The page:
Spotify has made it quite clear that "Music Like Water" is their business objective. This is not primarily about the over-abundance of music (which I suppose you could call a "trend"), though I did mention it in #4. we're talking about the credo that Gerd's book promotes: "Music should be distributed and paid for like water - as a subscription-based utility that is available wherever and whenever you want it." We are most definitely talking about a business model, here, and we most definitely have a choice of whether or not to adopt it - both as consumers, and as artists and musicians. Choosing against it means innovating in a different direction, which is what my post is advocating. If you want to call that "fantasy-based," you're welcome to do that. I remember when Napster, Myspace, Youtube, and Spotify were all fantasy-based concepts.

Gavin Castleton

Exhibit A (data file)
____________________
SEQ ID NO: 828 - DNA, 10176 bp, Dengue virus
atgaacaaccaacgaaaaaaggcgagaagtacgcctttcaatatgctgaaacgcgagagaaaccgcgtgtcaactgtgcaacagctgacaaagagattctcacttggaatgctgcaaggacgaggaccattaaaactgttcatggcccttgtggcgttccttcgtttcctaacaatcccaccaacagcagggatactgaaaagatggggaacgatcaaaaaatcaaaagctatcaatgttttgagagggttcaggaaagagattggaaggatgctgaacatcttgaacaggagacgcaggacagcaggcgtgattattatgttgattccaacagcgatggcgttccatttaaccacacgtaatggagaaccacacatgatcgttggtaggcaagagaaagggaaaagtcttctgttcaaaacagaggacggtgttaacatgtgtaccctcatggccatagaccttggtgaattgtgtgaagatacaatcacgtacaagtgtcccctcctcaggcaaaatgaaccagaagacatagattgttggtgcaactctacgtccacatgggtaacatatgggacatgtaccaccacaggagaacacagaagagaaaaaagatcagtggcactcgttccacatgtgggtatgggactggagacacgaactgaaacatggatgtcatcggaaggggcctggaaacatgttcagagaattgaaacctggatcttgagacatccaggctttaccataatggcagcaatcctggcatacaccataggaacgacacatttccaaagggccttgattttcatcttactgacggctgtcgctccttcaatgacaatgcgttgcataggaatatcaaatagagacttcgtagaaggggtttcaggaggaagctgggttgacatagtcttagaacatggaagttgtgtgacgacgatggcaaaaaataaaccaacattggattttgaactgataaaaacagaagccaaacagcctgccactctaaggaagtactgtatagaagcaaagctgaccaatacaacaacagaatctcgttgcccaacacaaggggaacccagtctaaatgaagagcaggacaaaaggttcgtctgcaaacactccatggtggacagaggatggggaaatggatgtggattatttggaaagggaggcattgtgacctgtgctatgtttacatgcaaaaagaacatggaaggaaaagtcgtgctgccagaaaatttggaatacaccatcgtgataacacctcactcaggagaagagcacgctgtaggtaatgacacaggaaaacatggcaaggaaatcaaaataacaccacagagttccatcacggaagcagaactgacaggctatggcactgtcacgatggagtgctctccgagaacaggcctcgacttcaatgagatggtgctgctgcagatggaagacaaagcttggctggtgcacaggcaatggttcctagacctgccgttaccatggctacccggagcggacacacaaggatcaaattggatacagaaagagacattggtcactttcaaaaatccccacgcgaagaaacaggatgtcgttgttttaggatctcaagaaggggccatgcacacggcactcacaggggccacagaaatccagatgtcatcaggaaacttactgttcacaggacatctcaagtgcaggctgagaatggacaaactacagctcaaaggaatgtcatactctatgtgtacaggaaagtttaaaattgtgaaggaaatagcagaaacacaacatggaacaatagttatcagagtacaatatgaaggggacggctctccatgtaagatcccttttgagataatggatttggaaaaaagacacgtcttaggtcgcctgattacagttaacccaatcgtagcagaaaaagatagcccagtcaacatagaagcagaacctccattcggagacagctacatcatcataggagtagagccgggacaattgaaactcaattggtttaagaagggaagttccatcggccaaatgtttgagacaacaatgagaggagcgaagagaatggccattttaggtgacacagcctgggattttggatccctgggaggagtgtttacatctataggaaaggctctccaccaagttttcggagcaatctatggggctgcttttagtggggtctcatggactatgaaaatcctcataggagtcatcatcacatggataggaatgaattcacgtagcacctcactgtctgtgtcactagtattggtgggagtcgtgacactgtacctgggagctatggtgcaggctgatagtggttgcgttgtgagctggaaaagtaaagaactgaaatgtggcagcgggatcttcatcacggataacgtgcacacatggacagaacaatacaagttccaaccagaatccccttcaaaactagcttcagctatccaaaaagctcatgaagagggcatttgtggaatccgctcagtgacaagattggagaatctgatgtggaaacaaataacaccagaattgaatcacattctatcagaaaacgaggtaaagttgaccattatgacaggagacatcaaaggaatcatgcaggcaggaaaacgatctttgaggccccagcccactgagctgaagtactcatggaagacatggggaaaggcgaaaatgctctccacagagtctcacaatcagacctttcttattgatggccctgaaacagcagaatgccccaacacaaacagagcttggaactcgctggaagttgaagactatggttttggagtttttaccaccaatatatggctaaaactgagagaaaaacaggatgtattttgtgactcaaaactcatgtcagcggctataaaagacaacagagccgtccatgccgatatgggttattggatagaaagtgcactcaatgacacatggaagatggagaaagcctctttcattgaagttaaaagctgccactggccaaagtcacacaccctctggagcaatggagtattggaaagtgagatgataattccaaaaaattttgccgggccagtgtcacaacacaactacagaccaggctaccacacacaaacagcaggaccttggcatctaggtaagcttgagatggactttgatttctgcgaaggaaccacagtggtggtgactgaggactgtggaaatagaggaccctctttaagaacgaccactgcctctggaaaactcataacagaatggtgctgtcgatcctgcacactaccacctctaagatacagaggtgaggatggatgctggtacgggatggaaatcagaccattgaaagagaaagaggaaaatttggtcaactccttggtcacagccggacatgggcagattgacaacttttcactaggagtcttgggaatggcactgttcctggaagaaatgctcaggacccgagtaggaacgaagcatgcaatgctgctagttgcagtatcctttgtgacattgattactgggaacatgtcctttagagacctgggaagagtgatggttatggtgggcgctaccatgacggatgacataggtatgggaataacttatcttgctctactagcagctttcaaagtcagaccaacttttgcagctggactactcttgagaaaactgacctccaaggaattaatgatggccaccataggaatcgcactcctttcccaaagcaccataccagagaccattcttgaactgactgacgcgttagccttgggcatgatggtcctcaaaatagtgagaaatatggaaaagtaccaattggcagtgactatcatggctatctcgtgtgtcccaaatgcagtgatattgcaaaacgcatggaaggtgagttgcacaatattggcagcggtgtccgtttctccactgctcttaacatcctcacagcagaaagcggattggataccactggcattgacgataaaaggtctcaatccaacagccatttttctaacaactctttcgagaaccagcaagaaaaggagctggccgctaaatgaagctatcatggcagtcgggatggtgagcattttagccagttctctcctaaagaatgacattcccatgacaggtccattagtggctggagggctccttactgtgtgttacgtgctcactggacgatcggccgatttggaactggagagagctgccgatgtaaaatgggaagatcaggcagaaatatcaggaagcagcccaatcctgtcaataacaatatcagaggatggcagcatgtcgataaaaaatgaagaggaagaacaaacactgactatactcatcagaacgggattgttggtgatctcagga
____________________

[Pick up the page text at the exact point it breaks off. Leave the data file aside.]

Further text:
Thanks for responding, Gerd. I'm honored to have you in our discussion! I think what to you read as, "I want to turn back the clock" was meant to be, "I don't think we should throw the baby out with the bathwater." And I think that's an important distinction. When you imply that the music industry can only move forward or backward, you discount what true innovation and industry evolution always is: a reassessment (and often rejection) of accepted beliefs (which is what Napster did, and what I'm calling for here), some forward movement, some backward movement, and a whole lot of laterals.
Your book is called "The Future of Music," you are a "futurist" by trade, and yet the theme of your response is, "This is the way it is in present day, so get over it, the discussion is over." That attitude seems inconsistent to me.